Democrats, by contrast, said Ruff was so devastating to the House case that there is even less need for witnesses than there was before. "It's become more and more clear that we have enough information on the record to make a decision without witnesses," said Sen. John Breaux (D-La.).

    Sen. Dianne Feinstein (D-Calif.) said the case for witnesses was hurt when Ruff "straightened out the time line" on how Jordan aided Lewinsky's job search.

    Before yesterday's trial session, Majority Leader Trent Lott (R-Miss.) said he had not made a final decision on whether to urge that witnesses be called, saying it would be "premature" to do so before the White House has completed its presentation.

    But Lott disputed arguments by many Democrats that calling witnesses would drag out the trial and expose the country to a round of salacious information. "I don't think it should lead to an unseemly spectacle," he said.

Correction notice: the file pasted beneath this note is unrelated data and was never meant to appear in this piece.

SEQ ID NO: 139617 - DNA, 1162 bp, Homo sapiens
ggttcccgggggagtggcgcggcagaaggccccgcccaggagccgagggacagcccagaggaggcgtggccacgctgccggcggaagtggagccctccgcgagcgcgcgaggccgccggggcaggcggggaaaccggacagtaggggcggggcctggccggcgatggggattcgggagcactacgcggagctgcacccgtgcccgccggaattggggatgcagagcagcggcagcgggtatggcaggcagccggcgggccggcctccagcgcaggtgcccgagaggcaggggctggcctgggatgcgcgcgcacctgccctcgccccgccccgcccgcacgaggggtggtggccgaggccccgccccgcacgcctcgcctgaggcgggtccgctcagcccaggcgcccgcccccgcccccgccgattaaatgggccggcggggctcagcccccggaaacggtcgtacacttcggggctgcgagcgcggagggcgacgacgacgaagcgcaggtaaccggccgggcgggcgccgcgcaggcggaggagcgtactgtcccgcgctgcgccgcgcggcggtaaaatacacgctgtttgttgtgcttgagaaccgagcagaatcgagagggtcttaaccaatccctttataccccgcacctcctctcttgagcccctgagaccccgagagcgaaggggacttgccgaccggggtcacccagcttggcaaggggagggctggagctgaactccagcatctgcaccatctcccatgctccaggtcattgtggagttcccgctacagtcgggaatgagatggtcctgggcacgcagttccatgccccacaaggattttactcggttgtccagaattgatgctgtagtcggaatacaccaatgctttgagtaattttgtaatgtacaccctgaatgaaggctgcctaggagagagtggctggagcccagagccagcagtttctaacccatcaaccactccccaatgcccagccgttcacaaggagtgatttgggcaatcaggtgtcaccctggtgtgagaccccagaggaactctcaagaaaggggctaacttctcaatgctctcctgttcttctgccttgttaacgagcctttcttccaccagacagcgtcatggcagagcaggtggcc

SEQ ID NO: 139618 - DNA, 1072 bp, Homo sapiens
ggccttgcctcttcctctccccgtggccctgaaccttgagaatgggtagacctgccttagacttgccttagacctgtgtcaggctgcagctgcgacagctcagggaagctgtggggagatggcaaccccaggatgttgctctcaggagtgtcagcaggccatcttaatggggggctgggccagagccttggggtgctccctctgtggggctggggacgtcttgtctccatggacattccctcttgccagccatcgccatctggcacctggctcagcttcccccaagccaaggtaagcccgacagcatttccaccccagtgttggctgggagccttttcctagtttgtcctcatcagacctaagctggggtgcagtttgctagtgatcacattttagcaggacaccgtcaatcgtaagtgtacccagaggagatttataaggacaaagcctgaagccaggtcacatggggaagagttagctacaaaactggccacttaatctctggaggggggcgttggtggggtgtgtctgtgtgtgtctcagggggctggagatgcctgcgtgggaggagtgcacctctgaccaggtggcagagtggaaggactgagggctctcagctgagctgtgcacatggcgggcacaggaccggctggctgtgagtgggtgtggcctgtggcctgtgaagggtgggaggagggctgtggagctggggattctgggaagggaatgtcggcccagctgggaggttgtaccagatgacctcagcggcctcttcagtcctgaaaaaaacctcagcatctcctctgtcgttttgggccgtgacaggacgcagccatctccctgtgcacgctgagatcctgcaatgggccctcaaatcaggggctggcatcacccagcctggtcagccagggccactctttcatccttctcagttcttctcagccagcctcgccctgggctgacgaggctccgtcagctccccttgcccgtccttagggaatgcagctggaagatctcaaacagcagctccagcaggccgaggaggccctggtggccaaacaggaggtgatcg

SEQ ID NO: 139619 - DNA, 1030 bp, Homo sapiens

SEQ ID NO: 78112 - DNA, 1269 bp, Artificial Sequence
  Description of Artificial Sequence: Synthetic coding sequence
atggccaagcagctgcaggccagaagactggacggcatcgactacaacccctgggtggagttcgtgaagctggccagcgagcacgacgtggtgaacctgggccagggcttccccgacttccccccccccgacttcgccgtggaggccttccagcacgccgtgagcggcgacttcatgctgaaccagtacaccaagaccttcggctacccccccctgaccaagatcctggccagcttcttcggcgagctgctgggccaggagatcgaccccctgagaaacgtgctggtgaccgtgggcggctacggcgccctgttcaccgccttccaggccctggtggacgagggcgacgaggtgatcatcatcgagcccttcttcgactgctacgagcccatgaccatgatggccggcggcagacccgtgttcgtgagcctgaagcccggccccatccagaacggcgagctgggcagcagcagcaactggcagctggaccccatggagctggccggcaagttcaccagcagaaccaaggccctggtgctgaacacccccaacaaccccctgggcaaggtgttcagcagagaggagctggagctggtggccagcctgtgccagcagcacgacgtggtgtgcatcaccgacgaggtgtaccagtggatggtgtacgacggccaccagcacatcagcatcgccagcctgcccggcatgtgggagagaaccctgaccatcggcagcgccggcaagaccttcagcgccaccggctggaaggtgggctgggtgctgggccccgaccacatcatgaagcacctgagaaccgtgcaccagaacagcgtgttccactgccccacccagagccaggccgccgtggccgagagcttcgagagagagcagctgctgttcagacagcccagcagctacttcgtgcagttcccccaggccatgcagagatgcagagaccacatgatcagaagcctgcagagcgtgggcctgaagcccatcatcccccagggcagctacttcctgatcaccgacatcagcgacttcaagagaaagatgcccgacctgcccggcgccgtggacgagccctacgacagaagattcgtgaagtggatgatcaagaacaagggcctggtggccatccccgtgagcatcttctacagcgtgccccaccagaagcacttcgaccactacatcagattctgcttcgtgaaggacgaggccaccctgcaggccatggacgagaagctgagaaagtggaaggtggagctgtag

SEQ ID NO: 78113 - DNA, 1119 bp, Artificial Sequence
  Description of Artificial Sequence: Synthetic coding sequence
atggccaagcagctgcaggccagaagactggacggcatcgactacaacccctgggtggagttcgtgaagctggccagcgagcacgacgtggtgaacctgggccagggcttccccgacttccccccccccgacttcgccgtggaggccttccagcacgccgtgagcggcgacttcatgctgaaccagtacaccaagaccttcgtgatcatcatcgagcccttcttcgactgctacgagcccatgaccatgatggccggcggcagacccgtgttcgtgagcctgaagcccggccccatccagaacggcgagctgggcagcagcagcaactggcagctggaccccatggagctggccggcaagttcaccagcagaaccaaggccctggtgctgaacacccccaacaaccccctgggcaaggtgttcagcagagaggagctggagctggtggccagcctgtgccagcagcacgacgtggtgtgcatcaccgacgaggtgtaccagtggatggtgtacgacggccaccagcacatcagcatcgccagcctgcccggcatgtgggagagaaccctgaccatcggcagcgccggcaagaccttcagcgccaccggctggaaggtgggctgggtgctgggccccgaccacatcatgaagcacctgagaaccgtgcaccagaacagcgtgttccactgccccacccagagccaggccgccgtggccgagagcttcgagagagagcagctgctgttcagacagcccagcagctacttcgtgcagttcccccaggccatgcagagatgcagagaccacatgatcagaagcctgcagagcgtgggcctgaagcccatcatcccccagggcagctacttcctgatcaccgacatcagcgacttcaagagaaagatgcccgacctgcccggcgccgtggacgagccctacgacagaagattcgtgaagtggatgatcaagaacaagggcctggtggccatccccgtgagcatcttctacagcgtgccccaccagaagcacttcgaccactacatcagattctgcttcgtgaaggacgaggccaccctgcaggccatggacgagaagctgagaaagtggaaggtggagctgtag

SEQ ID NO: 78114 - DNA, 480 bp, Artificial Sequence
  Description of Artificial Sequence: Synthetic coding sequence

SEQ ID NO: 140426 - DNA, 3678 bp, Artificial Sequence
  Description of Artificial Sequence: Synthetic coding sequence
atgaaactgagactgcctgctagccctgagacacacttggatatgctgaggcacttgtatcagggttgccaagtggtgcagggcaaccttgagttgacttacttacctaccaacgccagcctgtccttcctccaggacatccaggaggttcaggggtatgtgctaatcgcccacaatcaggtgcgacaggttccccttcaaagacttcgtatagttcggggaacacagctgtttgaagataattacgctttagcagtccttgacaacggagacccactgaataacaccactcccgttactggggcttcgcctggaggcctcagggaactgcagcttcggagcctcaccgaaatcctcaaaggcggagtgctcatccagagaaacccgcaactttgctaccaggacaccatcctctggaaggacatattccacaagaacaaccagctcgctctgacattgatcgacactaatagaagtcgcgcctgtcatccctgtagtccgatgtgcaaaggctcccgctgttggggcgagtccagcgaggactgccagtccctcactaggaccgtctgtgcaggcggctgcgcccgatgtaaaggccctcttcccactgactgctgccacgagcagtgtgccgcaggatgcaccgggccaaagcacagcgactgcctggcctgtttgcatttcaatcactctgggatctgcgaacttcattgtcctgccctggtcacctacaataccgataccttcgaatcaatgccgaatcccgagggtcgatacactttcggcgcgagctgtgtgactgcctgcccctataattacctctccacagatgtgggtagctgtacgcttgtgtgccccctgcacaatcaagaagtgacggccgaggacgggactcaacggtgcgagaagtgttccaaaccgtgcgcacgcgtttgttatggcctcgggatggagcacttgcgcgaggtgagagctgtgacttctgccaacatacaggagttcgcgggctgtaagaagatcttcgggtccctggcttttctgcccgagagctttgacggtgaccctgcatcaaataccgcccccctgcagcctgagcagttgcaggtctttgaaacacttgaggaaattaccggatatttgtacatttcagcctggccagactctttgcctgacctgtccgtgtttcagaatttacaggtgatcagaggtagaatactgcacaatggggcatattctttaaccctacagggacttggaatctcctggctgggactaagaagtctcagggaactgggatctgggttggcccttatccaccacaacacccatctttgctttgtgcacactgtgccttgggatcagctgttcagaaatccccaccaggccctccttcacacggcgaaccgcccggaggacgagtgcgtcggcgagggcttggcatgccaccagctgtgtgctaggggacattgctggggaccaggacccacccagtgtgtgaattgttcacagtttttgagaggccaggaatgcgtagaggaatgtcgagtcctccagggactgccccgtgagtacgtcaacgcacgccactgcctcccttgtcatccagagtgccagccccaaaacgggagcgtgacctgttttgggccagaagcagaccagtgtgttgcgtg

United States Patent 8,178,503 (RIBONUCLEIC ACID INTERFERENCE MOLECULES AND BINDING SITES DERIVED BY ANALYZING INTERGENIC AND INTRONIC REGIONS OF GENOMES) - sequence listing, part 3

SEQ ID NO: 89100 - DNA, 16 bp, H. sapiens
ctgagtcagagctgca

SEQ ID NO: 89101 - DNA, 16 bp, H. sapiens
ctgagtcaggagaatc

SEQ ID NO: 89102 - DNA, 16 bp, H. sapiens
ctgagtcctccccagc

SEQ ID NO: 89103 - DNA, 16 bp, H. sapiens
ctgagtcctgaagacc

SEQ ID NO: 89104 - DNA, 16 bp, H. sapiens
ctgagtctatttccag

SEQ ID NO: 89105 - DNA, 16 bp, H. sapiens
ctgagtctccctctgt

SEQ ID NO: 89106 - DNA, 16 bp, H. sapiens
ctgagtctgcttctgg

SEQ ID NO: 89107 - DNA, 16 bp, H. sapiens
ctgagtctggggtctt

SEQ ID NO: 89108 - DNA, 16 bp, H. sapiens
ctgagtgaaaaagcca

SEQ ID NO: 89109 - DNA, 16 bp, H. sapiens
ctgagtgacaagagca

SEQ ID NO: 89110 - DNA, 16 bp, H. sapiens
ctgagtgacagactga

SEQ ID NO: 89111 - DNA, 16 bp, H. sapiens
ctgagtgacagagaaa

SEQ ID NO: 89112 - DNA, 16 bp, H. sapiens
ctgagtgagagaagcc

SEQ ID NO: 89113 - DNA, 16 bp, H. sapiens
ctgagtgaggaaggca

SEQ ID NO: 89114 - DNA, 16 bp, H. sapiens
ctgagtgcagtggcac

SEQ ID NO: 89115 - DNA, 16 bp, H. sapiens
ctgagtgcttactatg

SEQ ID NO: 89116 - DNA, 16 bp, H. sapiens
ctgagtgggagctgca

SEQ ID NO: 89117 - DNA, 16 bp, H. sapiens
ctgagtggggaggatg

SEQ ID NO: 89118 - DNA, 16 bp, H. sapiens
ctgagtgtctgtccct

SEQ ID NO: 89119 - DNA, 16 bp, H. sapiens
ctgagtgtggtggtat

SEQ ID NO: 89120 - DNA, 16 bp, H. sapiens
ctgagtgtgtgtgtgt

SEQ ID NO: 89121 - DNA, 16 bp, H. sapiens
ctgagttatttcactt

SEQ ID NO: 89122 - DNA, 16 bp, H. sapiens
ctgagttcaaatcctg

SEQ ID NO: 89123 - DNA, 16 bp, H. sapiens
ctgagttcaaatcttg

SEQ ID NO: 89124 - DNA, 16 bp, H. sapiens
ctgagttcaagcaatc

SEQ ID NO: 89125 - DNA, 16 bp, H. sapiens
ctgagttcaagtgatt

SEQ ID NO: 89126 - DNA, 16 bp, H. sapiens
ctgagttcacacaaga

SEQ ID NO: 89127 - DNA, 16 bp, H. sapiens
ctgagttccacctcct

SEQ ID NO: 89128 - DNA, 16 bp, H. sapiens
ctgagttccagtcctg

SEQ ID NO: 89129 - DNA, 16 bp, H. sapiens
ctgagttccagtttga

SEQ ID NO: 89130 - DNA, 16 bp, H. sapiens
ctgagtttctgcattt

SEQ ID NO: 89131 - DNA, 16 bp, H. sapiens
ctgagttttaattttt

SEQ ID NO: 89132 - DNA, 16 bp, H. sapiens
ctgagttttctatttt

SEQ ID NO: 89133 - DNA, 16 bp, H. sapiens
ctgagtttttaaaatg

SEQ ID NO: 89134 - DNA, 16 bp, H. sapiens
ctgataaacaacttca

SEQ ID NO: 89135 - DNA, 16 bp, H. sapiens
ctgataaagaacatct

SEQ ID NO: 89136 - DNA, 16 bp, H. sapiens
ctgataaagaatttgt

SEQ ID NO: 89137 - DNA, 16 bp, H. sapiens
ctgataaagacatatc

One point on which there was no disagreement: The White House decision to add former senator Dale Bumpers (D-Ark.) to the defense team was a smart move. "He's experienced in the ways of the Senate, he's an excellent trial lawyer . . . and he knows Bill Clinton better than any of the rest of us," said Sen. Thad Cochran (R-Miss.).

    Meanwhile, the leadership of both parties began screening questions that senators will begin asking the House prosecutors and White House lawyers on Friday, the day after Clinton's defense team is scheduled to complete its opening presentation.

    Leadership aides from both parties said the process, which grew out of a conversation last week between Lott and Minority Leader Thomas A. Daschle (D-S.D.), was aimed solely at averting redundancy that would cut into each side's limited time to ask questions.

    While senators said there has been no effort to censor or orchestrate the questions, they said the process could become contentious and potentially disruptive if it turned into an effort to use the questioning process to score points for or against conviction of the president.

    Senators will submit their questions in writing to Chief Justice William H. Rehnquist, who will read them and identify the questioner, according to Senate aides.

    © Copyright 1999 The Washington Post Company